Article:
Jeannette Hayner

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Jeannette Hayner

"There have been many outstanding women in the Washington State Legislature but only one so far has reached the top rung of power. Her achievements are so remarkable (and little known) that she deserves more than just a reference. Her story bridges the eras of women getting the right to vote, getting elected, taking power, and making a difference.

Jeannette Hayner was born in 1919 in Portland, Oregon, one year before women were given the right to vote nationally. She received her B.A. from the University of Oregon and was one of only two women to graduate from the University of Oregon Law School in 1942. She met her husband there and they moved to Walla Walla in 1947. She raised three children, was active in a variety of civic and charitable organizations and served as chair of the Walla Walla School Board.

In 1972, with her children grown, Hayner decided to run for an open seat in the state Legislature. In a close election, Hayner defeated three primary opponents and a Democrat in the general election. When she took her seat in the state House in 1973, there was one other woman in her Republican caucus and six women in the House Democratic caucus. There were no women in the Senate. After four years, party offi cials asked Representative Hayner to run for the Senate seat vacated by Democrat Dan Jolly. She agreed, was successful again, and would be reelected every four years until her retirement in 1992.

Republicans were outnumbered thirty to nineteen when Hayner arrived in the state Senate in 1977. They hadn't held a majority in the Senate since 1955. Some thought that Republican leaders had adopted the mentality of a permanent minority, had given up on gaining a majority. Shortly after joining the Senate, Hayner was cautiously sounded out about making a change in leadership in order to seek power by a Republican majority rather than through coalitions with conservative Democrats. For the next year she was part of a growing group of Senate Republicans who secretly met off campus. They gradually became a majority within their minority caucus and decided to make their move at the end of the 1979 session. None of the originators of the coup could garner a majority in their caucus so they turned to Hayner. She emerged as Senate Republican Leader in 1979 and would hold that position until her retirement in 1992.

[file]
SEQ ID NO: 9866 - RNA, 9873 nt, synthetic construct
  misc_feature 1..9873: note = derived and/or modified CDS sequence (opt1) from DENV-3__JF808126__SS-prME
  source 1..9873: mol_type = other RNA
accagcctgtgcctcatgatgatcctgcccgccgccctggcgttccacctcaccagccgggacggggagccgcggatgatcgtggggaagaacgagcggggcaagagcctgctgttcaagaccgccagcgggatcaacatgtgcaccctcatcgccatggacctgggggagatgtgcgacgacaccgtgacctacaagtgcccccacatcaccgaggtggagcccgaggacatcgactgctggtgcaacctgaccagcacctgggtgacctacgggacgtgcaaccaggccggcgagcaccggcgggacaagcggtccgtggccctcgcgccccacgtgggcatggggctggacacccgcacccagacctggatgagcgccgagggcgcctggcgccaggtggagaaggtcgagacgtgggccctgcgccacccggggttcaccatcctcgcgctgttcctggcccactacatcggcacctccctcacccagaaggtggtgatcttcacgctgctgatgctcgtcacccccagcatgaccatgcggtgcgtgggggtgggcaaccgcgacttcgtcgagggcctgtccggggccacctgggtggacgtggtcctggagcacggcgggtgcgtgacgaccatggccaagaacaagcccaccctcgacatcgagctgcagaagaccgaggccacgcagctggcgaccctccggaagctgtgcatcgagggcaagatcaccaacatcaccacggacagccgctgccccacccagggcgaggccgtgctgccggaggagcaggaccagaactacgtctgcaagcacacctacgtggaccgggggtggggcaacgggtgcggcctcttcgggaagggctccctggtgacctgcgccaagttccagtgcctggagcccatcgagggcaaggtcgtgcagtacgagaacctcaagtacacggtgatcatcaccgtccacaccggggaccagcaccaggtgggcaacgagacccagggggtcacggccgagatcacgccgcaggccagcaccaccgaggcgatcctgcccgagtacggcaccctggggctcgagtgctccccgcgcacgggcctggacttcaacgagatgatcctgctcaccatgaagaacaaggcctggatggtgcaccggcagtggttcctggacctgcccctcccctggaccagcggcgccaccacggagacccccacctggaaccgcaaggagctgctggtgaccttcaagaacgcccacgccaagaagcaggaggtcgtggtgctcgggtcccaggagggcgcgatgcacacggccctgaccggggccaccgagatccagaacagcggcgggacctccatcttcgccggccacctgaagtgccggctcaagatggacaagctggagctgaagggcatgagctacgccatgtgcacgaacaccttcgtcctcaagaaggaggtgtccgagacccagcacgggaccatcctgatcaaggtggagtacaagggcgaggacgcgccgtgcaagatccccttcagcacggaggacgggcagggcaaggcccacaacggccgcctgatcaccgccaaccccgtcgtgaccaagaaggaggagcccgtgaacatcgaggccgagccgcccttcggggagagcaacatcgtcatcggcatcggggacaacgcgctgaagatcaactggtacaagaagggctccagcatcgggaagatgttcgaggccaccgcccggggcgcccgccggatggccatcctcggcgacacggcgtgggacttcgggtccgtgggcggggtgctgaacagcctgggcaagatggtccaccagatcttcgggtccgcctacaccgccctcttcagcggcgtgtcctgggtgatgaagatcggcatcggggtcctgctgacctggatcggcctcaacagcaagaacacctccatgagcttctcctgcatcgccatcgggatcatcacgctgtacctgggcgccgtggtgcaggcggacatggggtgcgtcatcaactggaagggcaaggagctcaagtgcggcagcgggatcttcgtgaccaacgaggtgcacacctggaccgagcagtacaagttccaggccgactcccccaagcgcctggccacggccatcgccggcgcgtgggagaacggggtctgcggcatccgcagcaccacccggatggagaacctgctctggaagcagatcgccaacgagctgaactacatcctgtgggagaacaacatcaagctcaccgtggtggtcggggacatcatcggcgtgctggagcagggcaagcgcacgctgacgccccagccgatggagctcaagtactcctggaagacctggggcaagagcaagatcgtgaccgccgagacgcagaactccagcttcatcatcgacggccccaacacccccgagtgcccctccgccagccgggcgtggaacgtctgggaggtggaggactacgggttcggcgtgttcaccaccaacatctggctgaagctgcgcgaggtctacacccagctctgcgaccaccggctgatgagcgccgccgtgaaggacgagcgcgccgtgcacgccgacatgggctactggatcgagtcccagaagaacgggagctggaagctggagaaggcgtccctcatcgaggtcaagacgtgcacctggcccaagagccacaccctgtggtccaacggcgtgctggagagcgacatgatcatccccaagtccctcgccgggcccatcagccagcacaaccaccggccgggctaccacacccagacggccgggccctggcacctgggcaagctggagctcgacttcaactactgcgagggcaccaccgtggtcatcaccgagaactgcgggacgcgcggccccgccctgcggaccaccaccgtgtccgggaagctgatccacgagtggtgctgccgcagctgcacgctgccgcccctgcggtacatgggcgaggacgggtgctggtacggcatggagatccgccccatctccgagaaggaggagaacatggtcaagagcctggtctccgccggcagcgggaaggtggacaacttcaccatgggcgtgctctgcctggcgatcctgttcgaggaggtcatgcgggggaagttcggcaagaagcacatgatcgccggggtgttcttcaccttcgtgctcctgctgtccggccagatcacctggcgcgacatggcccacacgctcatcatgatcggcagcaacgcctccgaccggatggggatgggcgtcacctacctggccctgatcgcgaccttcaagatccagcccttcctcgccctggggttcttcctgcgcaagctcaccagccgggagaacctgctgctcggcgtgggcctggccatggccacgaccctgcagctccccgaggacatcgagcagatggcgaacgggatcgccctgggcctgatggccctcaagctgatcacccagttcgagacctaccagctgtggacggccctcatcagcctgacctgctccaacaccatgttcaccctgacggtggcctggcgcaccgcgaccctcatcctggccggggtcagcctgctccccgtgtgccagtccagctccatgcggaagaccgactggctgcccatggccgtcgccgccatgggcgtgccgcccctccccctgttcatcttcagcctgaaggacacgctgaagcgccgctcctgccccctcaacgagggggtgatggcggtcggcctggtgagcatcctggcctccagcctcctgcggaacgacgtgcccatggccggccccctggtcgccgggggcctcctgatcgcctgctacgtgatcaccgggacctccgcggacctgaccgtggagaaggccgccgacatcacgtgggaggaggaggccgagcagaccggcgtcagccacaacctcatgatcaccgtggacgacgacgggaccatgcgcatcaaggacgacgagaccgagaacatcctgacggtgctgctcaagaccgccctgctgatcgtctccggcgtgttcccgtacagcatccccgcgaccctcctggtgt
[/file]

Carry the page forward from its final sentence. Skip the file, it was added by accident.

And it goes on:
On February 13, 1981, Senator Peter von Reichbauer from Vashon Island switched from the Democratic to the Republican Party giving Republicans control of the Senate for the first time in twenty-six years. Jeannette Hayner was suddenly the Senate Majority Leader. It had been so long since Republicans had held power in the Senate that they sought help from legislative leaders from other states to advise them as to procedures to accomplish a smooth transition in the middle of a session. Hayner learned well and she continued to lead the Senate Republicans for the next thirteen years.